Netflix has confirmed to TechRadar that it is not looking to develop a way to watch its movies offline, preferring to put its resources into creating the best online service instead.
Netflix came to the UK in February as a streaming service only, leaving the DVD side of the business back in the US.
Currently the ability to take your movies offline and view them when not connected to the web is not there and it looks as if it is unlikely this functionality will ever be delivered by Netflix.
TV still king
"There are some user cases where streaming isn't best used – like when you are on a plane with your device, but it is such a small proportion of the market it's not really beneficial to pursue this," explained Adrian Cockroft, Netflix's cloud architect, to TechRadar.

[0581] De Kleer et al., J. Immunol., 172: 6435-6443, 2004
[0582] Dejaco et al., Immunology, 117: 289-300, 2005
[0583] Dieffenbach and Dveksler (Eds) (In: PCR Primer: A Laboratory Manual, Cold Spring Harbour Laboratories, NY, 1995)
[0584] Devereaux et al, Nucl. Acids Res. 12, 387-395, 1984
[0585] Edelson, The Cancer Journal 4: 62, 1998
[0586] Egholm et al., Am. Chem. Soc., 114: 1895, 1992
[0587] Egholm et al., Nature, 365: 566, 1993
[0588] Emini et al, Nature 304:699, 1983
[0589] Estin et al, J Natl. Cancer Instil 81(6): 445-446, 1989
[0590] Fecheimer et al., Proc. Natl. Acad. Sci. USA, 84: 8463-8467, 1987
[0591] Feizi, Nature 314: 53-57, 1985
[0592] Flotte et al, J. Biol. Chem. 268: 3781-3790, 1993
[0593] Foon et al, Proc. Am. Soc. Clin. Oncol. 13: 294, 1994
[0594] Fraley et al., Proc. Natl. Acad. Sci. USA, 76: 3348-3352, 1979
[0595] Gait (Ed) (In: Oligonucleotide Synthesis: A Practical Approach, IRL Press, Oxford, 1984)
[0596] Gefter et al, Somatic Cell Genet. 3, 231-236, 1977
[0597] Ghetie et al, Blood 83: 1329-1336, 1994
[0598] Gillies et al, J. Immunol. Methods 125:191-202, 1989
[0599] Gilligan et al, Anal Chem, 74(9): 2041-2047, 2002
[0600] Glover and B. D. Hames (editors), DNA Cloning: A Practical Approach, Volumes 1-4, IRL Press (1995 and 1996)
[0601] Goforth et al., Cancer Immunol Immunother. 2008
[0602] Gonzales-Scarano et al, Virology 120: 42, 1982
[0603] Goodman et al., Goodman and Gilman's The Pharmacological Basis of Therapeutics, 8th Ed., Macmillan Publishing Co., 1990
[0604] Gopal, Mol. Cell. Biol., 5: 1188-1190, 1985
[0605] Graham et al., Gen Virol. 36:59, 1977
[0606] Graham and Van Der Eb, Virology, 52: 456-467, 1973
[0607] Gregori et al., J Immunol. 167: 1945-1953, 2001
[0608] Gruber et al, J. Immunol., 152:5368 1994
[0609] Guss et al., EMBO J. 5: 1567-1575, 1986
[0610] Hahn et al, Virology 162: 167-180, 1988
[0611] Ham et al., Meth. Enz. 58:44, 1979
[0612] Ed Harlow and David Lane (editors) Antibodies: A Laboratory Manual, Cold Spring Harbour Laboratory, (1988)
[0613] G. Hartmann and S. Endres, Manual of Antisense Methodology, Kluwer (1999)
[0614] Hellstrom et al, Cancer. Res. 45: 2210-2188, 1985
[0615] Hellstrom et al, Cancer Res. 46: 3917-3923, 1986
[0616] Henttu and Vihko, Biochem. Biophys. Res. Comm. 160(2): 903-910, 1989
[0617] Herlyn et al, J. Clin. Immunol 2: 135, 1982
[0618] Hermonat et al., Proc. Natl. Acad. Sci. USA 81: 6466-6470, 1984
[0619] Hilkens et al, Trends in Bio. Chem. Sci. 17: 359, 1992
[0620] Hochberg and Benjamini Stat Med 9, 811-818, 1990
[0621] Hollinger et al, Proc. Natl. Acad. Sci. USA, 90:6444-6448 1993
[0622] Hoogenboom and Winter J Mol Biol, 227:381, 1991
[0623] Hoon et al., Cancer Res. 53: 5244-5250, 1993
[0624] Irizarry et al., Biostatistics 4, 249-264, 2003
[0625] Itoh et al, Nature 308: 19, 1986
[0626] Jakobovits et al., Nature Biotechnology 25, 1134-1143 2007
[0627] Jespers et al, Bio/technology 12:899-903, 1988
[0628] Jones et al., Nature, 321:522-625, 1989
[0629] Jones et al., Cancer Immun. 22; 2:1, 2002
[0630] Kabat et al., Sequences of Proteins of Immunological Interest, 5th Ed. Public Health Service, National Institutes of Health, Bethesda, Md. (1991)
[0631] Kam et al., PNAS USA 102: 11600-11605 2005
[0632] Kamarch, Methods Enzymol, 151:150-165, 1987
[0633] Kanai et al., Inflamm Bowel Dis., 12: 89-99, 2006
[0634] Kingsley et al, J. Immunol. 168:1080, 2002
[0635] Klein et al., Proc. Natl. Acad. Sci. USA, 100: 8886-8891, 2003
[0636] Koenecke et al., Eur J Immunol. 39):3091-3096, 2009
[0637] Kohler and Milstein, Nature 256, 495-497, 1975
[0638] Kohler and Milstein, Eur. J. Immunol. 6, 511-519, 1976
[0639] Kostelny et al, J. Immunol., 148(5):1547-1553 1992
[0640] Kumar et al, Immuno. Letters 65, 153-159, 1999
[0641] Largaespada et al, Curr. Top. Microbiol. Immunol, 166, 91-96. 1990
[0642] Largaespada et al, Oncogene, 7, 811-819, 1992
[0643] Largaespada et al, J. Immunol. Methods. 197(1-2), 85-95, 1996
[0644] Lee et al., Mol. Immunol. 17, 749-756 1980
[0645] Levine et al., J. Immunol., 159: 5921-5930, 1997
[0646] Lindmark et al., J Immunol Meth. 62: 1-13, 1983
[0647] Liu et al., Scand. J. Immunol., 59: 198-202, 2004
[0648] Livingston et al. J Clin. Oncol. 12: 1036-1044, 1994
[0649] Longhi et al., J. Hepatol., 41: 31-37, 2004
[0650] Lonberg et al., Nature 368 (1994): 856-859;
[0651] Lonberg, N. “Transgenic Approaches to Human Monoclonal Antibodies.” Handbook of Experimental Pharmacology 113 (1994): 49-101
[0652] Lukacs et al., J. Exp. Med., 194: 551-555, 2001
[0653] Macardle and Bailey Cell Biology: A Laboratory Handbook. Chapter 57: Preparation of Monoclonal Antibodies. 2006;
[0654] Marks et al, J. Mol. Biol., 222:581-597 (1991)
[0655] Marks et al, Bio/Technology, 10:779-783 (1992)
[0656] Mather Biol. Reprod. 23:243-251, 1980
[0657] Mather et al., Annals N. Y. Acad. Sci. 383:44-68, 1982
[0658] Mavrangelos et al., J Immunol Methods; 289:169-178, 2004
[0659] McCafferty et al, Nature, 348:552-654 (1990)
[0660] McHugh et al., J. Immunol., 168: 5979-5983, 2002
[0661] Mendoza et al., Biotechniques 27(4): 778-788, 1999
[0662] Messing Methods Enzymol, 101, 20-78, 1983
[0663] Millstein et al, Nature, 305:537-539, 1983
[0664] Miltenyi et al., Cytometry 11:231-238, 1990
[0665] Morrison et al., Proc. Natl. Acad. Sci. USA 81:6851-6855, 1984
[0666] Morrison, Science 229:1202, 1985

"We would much rather make sure that our main service is the best it can be."
Cockcroft revealed that while mobile devices are key to Netflix – on which offline functionality would be beneficial – most long form content was still watched through a television.
"The biggest way people consume Netflix is on the TV, so while it is nice to have a mobile version our users don't typically watch that many hours on it typically.
"We first started bringing streaming to laptops and then we finally went to the Xbox and this is when it really exploded and the whole thing took off like a rocket.
"Because all of a sudden you are sitting on your couch in front of your TV and Netflix is an option and you don't have to go searching for your laptop, and this is by far the most popular way to view the service."
To see how Netflix fares against LoveFilm, check out our video below:
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Marc Chacksfield is the Editor In Chief, Shortlist.com at DC Thomson. He started out life as a movie writer for numerous (now defunct) magazines and soon found himself online - editing a gaggle of gadget sites, including TechRadar, Digital Camera World and Tom's Guide UK. At Shortlist you'll find him mostly writing about movies and tech, so no change there then.